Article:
More than five million hectares of “high-grade” agricultural land could become less fertile over the next 40 years, the government’s climate advisers have warned.
Nearly 40% of agricultural land currently falls within the “high-grade” category, but under the “high emissions scenario” this could fall to 9% by the 2050s, suggests the report released by the Committee on Climate Change (CCC).
Drought could be a big contributory factor, impacting most heavily in the South and East of the country, where the bulk of the best arable land is located.
See also: Only 100 harvests left in UK soils
This biggest impact could be seen on peat soils, which will be most affected by water shortages, the report warns.
Although there is now a 12% water surplus, on average, across catchment areas in the UK, a 5-17% shortfall is projected by the 2050s.
Three other climate threats to UK agriculture
- Loss of land and threat to animals from flooding
- Loss of land from coastal erosion
- Risk to native species from new or more virulent pests, diseases and invasive species.
Lord Krebs, chairman of the Adaption Sub-Committee of the CCC, said the threat to food production was among the three most critical threats to the UK from climate change.
“The most fertile areas of Britain…depend on peat top soils,” he explained. “Three-quarters of the top soil has disappeared within the past 150 years and that disappearance is being accelerated by climate change.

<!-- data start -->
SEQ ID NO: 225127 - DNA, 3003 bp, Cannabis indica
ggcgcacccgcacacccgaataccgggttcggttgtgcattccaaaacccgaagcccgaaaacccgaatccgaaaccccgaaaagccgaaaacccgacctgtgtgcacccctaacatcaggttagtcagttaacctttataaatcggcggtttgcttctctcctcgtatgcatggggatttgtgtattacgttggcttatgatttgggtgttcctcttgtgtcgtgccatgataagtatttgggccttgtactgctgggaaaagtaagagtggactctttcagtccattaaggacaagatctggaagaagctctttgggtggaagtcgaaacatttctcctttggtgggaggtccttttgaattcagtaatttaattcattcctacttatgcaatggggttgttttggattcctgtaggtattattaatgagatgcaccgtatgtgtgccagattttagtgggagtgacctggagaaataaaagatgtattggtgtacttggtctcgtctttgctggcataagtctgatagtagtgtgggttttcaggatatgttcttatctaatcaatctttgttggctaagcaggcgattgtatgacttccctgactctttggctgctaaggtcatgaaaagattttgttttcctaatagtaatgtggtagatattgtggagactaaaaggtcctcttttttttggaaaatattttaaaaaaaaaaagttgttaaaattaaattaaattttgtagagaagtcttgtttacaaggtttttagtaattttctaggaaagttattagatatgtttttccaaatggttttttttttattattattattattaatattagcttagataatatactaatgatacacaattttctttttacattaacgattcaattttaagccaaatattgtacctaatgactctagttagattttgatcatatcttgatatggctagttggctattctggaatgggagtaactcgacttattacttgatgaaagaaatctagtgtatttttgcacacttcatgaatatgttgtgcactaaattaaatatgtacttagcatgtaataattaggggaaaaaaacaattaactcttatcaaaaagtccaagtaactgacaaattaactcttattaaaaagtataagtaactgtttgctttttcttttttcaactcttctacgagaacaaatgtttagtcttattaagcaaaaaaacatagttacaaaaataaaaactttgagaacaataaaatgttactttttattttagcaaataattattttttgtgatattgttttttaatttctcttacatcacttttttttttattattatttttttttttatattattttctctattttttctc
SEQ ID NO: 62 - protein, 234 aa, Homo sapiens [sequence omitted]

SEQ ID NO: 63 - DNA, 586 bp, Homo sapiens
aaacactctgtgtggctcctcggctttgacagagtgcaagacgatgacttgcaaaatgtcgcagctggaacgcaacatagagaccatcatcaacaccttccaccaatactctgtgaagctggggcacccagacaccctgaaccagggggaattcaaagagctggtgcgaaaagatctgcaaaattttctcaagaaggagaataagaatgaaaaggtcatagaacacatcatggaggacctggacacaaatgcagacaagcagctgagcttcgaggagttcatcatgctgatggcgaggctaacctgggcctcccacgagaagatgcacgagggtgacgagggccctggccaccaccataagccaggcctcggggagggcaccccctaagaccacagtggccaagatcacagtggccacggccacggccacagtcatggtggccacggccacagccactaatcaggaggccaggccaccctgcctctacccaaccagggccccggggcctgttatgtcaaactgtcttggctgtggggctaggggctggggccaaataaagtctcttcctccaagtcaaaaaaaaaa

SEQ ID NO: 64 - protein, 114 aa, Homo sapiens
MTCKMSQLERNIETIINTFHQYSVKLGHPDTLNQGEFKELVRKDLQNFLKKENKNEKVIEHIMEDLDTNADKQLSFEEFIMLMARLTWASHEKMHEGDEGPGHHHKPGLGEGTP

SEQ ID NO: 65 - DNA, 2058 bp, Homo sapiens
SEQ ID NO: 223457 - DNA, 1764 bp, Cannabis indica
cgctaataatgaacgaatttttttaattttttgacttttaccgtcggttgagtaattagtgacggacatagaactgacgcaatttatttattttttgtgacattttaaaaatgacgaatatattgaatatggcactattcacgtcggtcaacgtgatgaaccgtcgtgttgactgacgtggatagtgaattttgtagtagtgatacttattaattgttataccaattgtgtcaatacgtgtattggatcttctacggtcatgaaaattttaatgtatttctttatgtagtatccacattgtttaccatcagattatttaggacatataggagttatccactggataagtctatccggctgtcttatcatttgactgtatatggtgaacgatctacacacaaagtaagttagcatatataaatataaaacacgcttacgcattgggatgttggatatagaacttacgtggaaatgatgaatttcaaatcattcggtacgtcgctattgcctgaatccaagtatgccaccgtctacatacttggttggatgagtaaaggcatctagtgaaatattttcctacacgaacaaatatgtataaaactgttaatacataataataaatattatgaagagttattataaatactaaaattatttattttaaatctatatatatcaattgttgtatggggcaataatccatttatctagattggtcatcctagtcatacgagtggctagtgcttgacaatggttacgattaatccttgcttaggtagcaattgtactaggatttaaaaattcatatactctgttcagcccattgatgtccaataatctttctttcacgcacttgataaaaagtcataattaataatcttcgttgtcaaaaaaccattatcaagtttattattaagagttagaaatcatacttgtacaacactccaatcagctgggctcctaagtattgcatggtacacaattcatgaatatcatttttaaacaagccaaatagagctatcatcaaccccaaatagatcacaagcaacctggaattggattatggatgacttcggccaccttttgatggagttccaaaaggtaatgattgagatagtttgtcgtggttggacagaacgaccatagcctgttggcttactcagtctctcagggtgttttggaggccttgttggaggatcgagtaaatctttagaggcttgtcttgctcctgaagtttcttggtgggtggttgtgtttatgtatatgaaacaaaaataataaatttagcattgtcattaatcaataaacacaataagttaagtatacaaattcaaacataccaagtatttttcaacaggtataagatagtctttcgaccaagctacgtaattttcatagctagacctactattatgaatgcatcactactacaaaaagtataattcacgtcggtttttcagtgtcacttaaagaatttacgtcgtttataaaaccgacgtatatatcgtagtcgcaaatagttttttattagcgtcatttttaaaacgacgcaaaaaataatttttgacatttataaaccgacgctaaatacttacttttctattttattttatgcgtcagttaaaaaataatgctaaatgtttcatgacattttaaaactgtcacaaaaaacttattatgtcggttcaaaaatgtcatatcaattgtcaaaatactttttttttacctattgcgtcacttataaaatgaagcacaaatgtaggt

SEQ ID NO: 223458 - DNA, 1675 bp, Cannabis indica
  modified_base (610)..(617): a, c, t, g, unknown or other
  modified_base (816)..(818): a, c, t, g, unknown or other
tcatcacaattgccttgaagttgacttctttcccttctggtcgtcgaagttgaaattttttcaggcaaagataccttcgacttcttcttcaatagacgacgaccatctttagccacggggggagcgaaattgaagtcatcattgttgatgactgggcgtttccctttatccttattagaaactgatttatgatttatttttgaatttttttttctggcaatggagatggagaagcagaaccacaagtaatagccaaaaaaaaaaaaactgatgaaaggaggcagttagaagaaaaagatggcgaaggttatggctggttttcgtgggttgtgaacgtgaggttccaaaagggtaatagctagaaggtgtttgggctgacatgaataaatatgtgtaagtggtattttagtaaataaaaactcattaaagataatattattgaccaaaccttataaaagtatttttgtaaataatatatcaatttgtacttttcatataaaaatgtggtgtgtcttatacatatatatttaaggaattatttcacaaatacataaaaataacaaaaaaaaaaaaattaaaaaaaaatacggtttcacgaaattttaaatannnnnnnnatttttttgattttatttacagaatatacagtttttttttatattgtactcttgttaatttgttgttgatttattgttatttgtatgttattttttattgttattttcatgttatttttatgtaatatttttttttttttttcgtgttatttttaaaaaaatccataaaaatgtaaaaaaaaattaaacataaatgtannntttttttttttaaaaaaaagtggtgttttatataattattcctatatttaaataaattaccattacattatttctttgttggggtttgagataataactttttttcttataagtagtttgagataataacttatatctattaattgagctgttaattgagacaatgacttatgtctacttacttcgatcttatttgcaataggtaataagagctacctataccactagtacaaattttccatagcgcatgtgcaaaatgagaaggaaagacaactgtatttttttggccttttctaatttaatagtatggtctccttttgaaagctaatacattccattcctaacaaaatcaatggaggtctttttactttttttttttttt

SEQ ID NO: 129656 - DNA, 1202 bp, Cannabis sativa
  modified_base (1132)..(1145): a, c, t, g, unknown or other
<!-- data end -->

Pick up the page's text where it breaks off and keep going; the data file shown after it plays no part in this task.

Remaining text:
“If we carry on as we are at the moment, it will all be gone within a generation”
Fair share of water
The NFU said the report showed the need for a long-term strategic approach to water management to increase the resilience of farm businesses and rural communities to extreme weather.
NFU environment forum chairman Mark Pope said: “Lack of access to adequate water supplies could lead to some businesses being unable to operate through reduced yields or lower-quality crops.
We are pleased the government is committed to review constraints facing rural businesses, including an examination of planning barriers to the installation of farm reservoirs.
“However, it is vital that the government removes regulatory barriers, to enable businesses to mitigate the impacts of future water shortages.”
The economic impact of flooding to farm businesses and agricultural land must be correctly valued, considering the effects caused by crop type and the time of year of the floods, he added.
However, the report also recognises the potential opportunities for farming that could arise from a modest level of climate change through extended growing seasons and improved productivity.
It also highlighted the global impact of climate change on UK agriculture, particularly the threat of increased price volatility on imported goods.
Drought in the Americas in 2012 caused a worldwide increase in soya prices, which impacted most heavily on pig farmers, with some forced out of business before a more stable supply resumed.